It's a pretty efficient way of ensuring you have healthy clean bottles ready because of you are bottling 23 liters of beer, a 30 or 35 liter bucket will be enough for all the necessary bottles to be covered in percarbonate solution.

The beauty of the sodium percarbonate is that it's 'no rinse' so you just need to empty the bottles and you are good to begin bottling.

So, now your bottles are sanitized, you may now wish to consider batch priming.

Batch Priming Beer to save time

In short, priming the batch is when one adds the entire amount of sugar needed to the fermenter so that when you fill each bottle, you don't need to add sugar as well, it's already in the beer wort. 

It saves you time as you don't need to add sugar to each individual bottle and it also saves you mess as we all know how sugar can end up everywhere when bottling!

This sounds simple right?

It really is.

How much sugar do I need to prime a batch or beer?

Batch priming benefits from some simple calculations that can be made to get that sugar just right.

If you're using a kit, you've probably used 23 litres (5 gallons) so the focus is on how much sugar you need to use. 

So first up, different beers need different levels of sugar. Advice from people who have brewed many beers suggests that ales need less sugar than lager style beers.

This is because many drinkers prefer a lager to have more carbonation and ales are quite drinkable with less.

Our analysis of beer brewing forums suggests these are the commonly used amounts of sugars to use for priming for a 23 liter brew.
  • Dextrose (Corn sugar) 3/4 cup or 4 or 5 oz / 95 grams
  • Cane sugar 2/3 cup or 3.8 - 4.8 oz / 86 grams
  • Dry Malt Extract - 130 grams
If you are priming with a different volume of beer, I suggest you try this priming calculator.

There's a reason Cinderella's Fairy God Mother used a wand

A bottling wand can help make bottling beer so easy.

You just stick the wand into the tap. You can then bottle without the need to turn the fermenter tap on and off because the wand's automatic foot-valve can control the flow of beer into the bottle when you touch the bottom of it to the bottom of the beer bottle!

Using a bottling wand also very handily keeps too much oxygen from entering your beer!

Capping your beer - two tools to do it

Beer cappers come in two forms being the hand held and the bench capper, one is easier than the other.

The 'wing' hand held capper

The hand held wing capper is a popular way to cap your beer. Often referred to as universal Rigamonti cappers  or the Red Baron, they are pretty handy and durable to use.

They do have a couple of draw backs - they can sometimes be hard to separate from the capped bottle if you've applied too much pressure and if you do apply to much force, then you can break the glass bottle, which is something that really bugs me.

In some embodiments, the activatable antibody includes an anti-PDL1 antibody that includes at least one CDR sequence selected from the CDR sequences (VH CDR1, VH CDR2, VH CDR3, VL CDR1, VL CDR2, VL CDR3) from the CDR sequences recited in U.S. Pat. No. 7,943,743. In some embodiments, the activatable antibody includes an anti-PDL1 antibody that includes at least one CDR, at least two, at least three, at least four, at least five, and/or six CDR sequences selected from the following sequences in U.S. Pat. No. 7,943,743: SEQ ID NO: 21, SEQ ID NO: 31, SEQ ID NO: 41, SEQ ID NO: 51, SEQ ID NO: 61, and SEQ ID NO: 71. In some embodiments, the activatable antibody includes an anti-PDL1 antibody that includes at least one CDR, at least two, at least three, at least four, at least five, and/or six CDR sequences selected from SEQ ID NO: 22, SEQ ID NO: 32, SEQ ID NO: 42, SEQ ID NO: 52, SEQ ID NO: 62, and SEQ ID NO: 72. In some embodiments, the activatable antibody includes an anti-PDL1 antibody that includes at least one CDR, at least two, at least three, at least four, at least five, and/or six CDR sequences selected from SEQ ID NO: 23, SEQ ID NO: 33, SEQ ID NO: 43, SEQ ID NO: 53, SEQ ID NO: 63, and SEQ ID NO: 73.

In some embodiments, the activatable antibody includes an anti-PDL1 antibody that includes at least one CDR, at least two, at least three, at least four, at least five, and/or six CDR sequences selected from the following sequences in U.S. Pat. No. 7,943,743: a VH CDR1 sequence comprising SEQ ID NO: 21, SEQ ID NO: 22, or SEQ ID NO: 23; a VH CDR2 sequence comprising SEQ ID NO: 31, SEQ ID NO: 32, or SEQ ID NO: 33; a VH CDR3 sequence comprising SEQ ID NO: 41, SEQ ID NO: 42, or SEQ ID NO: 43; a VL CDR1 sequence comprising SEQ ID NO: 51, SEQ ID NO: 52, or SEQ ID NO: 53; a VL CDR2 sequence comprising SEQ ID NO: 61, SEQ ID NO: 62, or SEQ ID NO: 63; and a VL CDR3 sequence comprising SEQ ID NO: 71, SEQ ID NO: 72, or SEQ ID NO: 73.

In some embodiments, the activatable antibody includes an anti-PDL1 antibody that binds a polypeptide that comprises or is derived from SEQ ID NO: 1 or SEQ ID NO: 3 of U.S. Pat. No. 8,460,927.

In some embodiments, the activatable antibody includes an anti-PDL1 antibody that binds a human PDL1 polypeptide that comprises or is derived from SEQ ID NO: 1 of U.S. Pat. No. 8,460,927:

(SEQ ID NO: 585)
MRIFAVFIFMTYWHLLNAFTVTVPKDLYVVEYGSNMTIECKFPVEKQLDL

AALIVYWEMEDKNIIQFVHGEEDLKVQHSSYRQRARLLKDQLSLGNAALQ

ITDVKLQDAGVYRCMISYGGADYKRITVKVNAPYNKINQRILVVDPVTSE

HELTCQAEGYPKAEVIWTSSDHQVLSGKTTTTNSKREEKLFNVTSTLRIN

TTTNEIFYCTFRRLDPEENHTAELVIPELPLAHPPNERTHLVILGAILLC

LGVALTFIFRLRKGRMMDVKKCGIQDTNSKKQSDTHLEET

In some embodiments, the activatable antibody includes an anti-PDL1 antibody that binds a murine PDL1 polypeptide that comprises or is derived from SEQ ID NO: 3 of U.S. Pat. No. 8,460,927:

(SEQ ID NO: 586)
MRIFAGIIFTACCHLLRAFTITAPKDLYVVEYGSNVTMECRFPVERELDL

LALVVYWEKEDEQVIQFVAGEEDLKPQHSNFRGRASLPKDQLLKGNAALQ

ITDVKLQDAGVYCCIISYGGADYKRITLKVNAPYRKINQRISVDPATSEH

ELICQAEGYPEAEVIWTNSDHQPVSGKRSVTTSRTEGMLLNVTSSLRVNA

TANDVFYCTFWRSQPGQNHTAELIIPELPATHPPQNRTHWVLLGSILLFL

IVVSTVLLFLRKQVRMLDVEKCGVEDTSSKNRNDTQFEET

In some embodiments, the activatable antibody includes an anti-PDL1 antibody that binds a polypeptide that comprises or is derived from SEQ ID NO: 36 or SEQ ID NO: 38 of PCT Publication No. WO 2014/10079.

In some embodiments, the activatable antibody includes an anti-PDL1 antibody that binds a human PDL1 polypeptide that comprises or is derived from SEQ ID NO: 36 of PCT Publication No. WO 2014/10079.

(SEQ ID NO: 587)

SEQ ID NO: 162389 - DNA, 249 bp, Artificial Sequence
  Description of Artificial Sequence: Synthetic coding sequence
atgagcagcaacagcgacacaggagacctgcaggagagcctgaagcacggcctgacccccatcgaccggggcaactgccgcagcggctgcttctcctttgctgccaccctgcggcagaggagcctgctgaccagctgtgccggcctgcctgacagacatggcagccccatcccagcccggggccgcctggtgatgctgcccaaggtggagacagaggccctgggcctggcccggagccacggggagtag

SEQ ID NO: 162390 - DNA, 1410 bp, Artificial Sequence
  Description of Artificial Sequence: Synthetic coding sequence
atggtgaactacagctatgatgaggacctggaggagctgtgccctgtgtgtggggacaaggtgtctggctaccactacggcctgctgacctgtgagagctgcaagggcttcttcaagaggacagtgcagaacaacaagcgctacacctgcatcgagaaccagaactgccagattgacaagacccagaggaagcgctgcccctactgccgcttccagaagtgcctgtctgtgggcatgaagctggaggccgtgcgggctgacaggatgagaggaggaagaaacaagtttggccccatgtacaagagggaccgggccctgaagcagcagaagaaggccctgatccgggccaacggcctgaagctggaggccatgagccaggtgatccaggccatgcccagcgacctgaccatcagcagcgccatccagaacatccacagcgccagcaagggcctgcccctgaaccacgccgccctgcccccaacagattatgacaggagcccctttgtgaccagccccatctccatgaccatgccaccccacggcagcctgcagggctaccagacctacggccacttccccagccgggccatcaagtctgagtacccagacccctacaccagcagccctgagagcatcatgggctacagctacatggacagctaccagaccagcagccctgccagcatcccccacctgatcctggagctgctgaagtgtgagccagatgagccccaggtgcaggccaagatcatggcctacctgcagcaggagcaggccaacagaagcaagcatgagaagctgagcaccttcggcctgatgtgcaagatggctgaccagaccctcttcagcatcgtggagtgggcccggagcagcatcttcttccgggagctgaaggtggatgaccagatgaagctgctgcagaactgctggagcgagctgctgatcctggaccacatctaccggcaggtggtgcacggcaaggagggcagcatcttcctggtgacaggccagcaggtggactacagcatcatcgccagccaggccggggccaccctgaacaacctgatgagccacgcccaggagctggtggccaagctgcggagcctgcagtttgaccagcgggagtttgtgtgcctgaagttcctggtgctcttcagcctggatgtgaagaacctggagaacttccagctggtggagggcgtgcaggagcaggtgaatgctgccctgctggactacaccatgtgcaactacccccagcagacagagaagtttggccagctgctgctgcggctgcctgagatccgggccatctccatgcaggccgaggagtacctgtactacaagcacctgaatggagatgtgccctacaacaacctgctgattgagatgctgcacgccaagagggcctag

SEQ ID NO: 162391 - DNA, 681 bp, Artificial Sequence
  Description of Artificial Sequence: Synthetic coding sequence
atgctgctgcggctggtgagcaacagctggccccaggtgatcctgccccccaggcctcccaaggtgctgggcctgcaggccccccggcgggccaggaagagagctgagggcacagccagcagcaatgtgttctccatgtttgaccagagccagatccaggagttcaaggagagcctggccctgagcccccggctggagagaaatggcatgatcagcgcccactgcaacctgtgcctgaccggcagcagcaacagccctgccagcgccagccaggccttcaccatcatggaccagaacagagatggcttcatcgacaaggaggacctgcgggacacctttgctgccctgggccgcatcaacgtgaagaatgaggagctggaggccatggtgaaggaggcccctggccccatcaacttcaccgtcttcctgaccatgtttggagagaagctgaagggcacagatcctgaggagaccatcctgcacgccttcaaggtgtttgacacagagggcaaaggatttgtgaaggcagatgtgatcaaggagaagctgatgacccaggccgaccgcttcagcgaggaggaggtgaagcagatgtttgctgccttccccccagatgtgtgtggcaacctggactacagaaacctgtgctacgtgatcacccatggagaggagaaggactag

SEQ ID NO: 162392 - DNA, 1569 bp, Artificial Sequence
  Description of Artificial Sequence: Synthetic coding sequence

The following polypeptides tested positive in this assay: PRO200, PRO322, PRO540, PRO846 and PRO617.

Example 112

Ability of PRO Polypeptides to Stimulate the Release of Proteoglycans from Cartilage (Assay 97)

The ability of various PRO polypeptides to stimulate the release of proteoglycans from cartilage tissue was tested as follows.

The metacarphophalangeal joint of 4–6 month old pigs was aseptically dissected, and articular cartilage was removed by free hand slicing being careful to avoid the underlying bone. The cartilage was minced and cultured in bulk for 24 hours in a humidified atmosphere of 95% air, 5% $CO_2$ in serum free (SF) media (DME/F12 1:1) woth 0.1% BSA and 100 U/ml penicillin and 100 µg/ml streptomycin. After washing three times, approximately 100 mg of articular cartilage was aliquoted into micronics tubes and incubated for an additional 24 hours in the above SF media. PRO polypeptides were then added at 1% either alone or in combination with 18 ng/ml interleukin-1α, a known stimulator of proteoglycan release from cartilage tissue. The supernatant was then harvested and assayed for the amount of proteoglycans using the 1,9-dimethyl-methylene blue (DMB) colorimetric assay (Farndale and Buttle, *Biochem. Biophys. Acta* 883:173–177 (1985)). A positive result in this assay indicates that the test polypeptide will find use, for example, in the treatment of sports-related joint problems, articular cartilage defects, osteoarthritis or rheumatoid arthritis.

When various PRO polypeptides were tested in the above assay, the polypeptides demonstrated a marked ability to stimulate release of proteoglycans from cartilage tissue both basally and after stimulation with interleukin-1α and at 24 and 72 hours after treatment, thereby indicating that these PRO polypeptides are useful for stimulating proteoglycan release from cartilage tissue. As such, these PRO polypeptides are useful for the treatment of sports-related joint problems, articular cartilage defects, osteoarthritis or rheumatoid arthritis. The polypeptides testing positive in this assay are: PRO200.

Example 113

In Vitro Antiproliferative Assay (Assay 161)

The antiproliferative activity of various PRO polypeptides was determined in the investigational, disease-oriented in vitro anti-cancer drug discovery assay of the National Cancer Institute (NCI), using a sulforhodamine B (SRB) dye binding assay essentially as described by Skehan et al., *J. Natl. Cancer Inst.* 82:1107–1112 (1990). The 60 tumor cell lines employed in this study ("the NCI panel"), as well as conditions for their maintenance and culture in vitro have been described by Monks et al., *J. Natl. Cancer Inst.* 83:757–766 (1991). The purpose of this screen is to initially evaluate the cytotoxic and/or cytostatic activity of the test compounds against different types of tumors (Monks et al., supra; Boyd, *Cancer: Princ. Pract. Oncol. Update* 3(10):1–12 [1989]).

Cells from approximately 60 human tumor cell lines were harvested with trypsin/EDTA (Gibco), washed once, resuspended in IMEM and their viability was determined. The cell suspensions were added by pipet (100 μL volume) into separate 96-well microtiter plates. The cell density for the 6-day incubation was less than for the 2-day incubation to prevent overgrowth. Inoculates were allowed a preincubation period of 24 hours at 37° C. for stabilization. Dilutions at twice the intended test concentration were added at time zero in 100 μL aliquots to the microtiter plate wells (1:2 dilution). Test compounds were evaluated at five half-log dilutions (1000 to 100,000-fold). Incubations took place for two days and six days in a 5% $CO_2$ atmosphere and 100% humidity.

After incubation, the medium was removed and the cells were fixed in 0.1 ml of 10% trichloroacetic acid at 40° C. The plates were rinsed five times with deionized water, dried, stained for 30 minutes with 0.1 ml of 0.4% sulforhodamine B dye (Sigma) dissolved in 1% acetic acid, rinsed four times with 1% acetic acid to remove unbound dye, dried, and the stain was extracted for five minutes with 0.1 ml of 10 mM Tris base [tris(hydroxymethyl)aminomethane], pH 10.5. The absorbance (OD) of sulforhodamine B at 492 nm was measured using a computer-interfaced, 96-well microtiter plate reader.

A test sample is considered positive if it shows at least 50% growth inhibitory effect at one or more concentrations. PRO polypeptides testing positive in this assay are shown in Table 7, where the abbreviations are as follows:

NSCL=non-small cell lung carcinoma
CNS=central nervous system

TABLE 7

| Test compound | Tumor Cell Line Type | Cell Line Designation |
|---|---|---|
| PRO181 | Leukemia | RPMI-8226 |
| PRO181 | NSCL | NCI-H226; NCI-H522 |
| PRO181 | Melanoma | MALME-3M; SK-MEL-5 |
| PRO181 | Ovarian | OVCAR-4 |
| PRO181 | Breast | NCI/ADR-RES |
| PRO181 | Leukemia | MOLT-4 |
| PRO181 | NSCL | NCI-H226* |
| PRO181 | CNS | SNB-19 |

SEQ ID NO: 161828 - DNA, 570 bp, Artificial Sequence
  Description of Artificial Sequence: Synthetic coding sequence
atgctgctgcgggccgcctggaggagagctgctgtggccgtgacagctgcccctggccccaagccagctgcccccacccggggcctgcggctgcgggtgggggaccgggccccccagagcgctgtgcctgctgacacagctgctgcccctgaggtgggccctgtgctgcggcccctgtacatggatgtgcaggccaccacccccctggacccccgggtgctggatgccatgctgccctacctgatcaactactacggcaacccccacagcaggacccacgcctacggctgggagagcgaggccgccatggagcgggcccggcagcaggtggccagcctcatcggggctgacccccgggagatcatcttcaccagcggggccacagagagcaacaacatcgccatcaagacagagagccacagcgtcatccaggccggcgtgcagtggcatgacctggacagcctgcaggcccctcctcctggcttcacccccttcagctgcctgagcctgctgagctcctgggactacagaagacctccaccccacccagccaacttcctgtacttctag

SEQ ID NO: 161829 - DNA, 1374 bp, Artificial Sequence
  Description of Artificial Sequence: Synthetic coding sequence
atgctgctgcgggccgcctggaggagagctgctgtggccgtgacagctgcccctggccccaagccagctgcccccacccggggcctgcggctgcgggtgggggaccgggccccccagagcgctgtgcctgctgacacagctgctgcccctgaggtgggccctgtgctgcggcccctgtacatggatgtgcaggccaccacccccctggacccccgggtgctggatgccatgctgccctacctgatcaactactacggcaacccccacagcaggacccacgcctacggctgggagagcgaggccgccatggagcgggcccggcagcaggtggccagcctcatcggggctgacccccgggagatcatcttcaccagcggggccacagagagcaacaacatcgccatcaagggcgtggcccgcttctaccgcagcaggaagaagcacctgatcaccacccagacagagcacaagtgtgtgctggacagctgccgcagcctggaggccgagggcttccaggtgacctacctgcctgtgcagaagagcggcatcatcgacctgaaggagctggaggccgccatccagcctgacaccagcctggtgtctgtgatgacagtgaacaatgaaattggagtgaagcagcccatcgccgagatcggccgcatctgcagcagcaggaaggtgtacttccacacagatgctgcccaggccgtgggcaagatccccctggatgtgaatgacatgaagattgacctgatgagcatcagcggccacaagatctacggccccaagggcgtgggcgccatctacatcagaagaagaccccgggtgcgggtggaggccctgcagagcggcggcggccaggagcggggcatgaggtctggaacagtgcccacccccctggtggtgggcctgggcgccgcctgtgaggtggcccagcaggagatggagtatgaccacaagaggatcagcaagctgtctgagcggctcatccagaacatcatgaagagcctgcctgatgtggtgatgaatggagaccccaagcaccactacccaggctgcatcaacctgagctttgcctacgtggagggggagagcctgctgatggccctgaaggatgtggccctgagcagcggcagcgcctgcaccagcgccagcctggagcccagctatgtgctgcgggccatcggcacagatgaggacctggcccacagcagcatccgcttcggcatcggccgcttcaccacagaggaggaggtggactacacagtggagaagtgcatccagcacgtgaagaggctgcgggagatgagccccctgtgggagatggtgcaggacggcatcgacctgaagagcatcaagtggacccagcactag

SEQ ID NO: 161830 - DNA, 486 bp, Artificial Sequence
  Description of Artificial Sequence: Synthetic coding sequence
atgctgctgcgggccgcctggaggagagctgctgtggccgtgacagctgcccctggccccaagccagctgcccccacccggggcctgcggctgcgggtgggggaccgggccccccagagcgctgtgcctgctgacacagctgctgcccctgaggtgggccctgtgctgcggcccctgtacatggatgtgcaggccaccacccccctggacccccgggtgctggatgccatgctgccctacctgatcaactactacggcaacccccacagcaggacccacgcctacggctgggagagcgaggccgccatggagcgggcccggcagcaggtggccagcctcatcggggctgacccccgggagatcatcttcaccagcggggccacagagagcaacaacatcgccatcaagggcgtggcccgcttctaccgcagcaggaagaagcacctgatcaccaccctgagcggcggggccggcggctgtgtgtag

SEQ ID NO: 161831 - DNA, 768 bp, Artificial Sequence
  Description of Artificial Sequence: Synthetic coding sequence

It's actually very satisfying getting a cap on a bottle properly, there's this sudden 'thump' moment when the crown bends down and forms the seal.

If you get into a good rhythm, you can cap bottles very quickly, especially if you line them up with the caps on the top and go down them like a factory line.

You may wish to consider using oxygen absorbing bottle caps to help retain hop flavors.

The bench capper method of bottling

The bench capper can be easier to use because it's a simple pull-down lever action that one does with one hand whilst the other hand holds the bottle firmly in place. 

If you think a bench capper is for you we suggest that you buy one that accommodates different sized bottles. 

The Ferrari model does exactly that which can be quite handy if your bottle collection is all kinds of different shapes and sized.

Any decent beer cap should have a magnet where the cap goes so that it doesn't fall out just as you go to clamp it down!

So well done, you have easily bottled your beer and hopefully saved yourself some time. 

Your work is not finished 

No, you need to properly condition your beer and that doesn't mean you hide it under a tired blanket in an old swap-a-crate box and forget about it for a few weeks. 

Well actually you can do this if you want to be a reckless beer brewer, but if you want beer that you would be proud to share with friends,  there's a few things to think about when storing beer.

Here's some things to think about when storing your beer.
  • It's really good to have a storage place where the temperature is maintained at a steady rate.
  • Ales are condition best at lower temperatures
  • Lagers are happier to condition under higher temperatures
  • The middle of your house is probably cooler than nearer the outside. That could be a factor where you store beer.
  • If you find your beers are in too hot a place, move them!
  • Whatever you do, keep them away from direct sunlight
Now let that beer rest quietly for at least three weeks. Before you enjoy that first taste test, refrigerate your beer for at least a few hours. 

Is plastic or glass better for fermenting beer?

using plastic for brewing

I saw on the 'net there had been some debate on NOT using plastic fermenters because of the risk of beer infection.

I thought this was a subject worth investigating further.

All I ever use is plastic fermenters and having only ever had one incident of infection which occurred to two different fermenters used in the same batch, I could be confident that I've never had an infection caused by using a plastic fermenter (what would the odds have been?!)

So what's the argument from the naysayers?